Estes BP "Super C" C5-3 opinions......

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Paul Howard

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Hi, I have some but haven't put them in a rocket yet. Anyone out there have any experience good or bad? Like'em, not-like'em? I have a heavy-ish for it's size 18mm rocket I just built (the Modified Discount Rocketry Bullet made for night launches seen on the thread by that name) and thinking of eventually putting the C5-3's in it. What say any of you?!?!?! Thanks -PTH
 

MALBAR 70

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I like them as well, but I've had a couple of ejection failures with them. The C5-3 gave my Semroc Mars Lander a great up, but failed to eject, trashing the lander upon impact. Estes made good on the motors and gave me a choice of a replacement rocket.
I still use them though.
 

smstachwick

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I have yet to fly them in anything they’re really designed for, three of them in a Generic E2X. I was fairly impressed with what seemed like a small but noticeable and potentially significant improvement in kick off the pad over the standard C6s. If the thrust curve is to be believed, a C5-0 (announced as in development but as yet unreleased) may be a good booster.
 

BABAR

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I have used a number of them and they fill a nice niche for heavier and/or draggier Estes (and presumably scratch built or other manufacturers models) over 113 grams (max recommended liftoff weight for a C6-3) with 18mm mounts which are difficult to modify to handle 24 mm motors. The C5-3 max recommended lift off weight is 227 grams.
 

Antares JS

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I have yet to fly them in anything they’re really designed for, three of them in a Generic E2X. I was fairly impressed with what seemed like a small but noticeable and potentially significant improvement in kick off the pad over the standard C6s. If the thrust curve is to be believed, a C5-0 (announced as in development but as yet unreleased) may be a good booster.
Is the C5-0 officially announced or is this just speculation?
 

shockie

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Compared to the original Centuri versions, they are pretty wimpy.

Probably because today's BP just isn't as energetic as it was in the 70's.

Compare the thrust time curves and you'll see the difference.
 

Initiator001

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Is the C5-0 officially announced or is this just speculation?
The C5-0 was mentioned in the Estes Manufacts Forum during NARCON 2021.

It was NOT mentioned during the Estes Manufacts of NARCON 2022.
Instead, Estes talked about the 24mm x 95mm E57-E65 motor that was planned for release in 2023.
 

Initiator001

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I have flown a pack or two of the NEW C5-3 motors.
They're okay but not nearly as impressive as the C5-3 motors from thirty years ago.

Today I go with Quest Q-Jet C12 or C18 motors if I need an extra kick off the launch pad.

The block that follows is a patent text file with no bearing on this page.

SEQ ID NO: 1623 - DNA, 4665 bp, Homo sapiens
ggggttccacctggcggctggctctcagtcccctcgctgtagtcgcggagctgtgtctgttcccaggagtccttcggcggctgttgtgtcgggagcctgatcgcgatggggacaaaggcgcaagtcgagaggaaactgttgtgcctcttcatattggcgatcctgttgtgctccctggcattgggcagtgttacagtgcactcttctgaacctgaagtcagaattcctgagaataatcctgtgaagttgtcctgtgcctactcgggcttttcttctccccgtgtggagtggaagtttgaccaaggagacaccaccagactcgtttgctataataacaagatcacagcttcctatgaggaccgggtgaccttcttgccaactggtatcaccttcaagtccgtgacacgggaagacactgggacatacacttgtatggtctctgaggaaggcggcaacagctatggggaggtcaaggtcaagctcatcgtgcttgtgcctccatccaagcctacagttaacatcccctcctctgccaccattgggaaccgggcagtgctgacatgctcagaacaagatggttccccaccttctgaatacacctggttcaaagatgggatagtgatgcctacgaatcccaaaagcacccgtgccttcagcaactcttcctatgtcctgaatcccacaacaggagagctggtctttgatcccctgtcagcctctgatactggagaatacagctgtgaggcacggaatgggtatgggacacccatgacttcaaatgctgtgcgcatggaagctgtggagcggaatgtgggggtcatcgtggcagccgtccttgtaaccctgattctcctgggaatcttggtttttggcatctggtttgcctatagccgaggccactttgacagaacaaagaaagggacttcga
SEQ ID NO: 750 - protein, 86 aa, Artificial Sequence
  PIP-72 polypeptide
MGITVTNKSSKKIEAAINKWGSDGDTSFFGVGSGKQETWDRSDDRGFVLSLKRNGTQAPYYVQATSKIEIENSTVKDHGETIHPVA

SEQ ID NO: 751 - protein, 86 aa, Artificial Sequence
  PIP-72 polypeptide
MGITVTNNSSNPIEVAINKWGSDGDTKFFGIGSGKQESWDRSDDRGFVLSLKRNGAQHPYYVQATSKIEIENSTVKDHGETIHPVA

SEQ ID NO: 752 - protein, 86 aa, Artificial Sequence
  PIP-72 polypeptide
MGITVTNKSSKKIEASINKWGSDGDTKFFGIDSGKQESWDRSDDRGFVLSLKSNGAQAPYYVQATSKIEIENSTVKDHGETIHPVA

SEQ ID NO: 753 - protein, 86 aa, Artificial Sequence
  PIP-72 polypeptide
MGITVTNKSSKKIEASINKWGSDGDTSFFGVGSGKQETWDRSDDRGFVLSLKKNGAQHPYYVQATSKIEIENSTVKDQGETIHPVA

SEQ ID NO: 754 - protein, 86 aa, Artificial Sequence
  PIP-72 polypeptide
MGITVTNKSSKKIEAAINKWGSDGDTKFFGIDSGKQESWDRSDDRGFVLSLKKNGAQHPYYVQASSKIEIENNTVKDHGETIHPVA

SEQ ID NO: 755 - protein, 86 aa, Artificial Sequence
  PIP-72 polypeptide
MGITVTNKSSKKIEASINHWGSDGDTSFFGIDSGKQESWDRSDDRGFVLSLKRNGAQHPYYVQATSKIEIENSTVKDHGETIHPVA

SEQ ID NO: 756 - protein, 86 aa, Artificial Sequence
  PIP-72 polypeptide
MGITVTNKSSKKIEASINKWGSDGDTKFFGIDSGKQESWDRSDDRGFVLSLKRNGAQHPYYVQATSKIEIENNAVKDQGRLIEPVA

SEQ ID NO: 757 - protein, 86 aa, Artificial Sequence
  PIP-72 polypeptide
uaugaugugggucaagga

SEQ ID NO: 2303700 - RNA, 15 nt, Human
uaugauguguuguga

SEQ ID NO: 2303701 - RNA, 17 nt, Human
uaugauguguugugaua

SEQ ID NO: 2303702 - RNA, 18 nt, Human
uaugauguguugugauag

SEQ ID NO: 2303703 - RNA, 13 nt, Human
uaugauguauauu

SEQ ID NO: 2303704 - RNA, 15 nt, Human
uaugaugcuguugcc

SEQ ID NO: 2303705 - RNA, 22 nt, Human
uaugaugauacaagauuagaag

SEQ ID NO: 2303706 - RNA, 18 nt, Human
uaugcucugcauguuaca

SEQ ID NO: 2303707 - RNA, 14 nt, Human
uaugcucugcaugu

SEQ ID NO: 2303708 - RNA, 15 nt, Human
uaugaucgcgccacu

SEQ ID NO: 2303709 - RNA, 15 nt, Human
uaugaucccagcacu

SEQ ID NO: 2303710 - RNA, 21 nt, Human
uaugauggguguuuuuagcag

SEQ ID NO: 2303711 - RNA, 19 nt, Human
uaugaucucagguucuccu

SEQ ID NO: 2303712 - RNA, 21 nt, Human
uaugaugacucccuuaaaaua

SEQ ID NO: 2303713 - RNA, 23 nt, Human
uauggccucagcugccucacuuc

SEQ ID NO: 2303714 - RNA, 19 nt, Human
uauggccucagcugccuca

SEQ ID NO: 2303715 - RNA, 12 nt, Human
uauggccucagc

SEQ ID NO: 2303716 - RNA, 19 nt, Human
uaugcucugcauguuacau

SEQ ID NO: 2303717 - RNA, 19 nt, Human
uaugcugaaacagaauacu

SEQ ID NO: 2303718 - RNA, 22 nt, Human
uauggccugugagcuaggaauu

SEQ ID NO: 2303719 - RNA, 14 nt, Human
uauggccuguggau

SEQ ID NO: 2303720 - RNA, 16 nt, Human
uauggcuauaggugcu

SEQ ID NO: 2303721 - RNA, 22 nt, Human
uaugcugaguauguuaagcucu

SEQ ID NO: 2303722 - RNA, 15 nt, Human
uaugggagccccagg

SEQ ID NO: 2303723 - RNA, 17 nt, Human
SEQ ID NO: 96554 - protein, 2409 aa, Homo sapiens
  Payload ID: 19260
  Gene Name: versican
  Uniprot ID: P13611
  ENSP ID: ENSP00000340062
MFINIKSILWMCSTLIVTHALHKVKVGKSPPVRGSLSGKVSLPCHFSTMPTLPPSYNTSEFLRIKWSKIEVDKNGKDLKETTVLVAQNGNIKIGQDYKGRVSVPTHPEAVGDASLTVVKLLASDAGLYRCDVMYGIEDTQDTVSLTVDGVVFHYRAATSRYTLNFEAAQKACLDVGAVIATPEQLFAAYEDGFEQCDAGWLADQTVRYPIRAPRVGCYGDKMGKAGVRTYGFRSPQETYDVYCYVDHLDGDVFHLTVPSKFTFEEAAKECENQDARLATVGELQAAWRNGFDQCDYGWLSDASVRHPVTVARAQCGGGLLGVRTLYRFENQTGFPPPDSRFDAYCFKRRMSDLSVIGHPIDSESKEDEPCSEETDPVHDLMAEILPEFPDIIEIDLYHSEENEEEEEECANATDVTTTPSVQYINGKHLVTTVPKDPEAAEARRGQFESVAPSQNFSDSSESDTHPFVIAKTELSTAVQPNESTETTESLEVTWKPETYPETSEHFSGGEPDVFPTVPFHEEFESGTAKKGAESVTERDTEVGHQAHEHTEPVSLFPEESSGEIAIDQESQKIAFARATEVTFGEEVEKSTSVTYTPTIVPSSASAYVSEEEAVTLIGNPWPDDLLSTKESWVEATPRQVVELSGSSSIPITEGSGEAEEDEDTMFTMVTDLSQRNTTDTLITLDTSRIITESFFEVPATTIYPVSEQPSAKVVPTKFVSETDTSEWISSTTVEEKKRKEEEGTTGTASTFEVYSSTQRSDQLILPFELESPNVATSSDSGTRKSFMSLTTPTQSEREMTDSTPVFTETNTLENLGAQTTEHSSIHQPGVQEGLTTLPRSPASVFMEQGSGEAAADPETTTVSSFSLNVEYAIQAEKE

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I have flown a pack or two of the NEW C5-3 motors.
They're okay but not nearly as impressive as the C5-3 motors from thirty years ago.

Today I go with Quest Q-Jet C12 or C18 motors if I need an extra kick off the launch pad.
I find the Quest ejection charges to be wimpy. I will only use them in cluster rockets where multiple ejection charges compensate for the wimpiness...
 

BigMacDaddy

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Love C5-3's and cannot wait for a C5-0 (so many rockets that fly well on a C6 but cannot add an Estes BP booster, unless you go to 24mm)...
 

Tom Flint

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Back in the 80s I used to use them regularly and they catoed a lot more than the C6. I think they were the least reliable motor Estes made until they came out with the E15. I hope the new ones don't have the same reliability issues.
 

Back_at_it

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They work ok but there are a limited number of rockets that can use them due to the short delay. I feel like a C5-5 would be more useful as it would open the motor up to more rockets.

In all honesty, when something gets border line for the C6 motors I generally go up to 24mm on the mount so I have the option of the C11 and D12 family.
 

PDawg

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I wished Estes made a longer burn motor since many of my rockets are small and light.
 

smstachwick

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I wished Estes made a longer burn motor since many of my rockets are small and light.
Extending the 18mm casing to 95mm length and having a black powder D4/D5/D6 close to the middle of the total impulse range would certainly be interesting. I can’t see that actually happening, since apparently AeroTech had hardware in this size back in the day that didn’t sell very well, but a man can dream…
 

DigBaddy

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Extending the 18mm casing to 95mm length and having a black powder D4/D5/D6 close to the middle of the total impulse range would certainly be interesting. I can’t see that actually happening, since apparently AeroTech had hardware in this size back in the day that didn’t sell very well, but a man can dream…

I like how you think. One would guess it might be possible to have a 24mm D5 BP motor - something with that nice initial hit of the C5 but a really long tail. I would guess that would not be much heavier than a longer 18mm motor.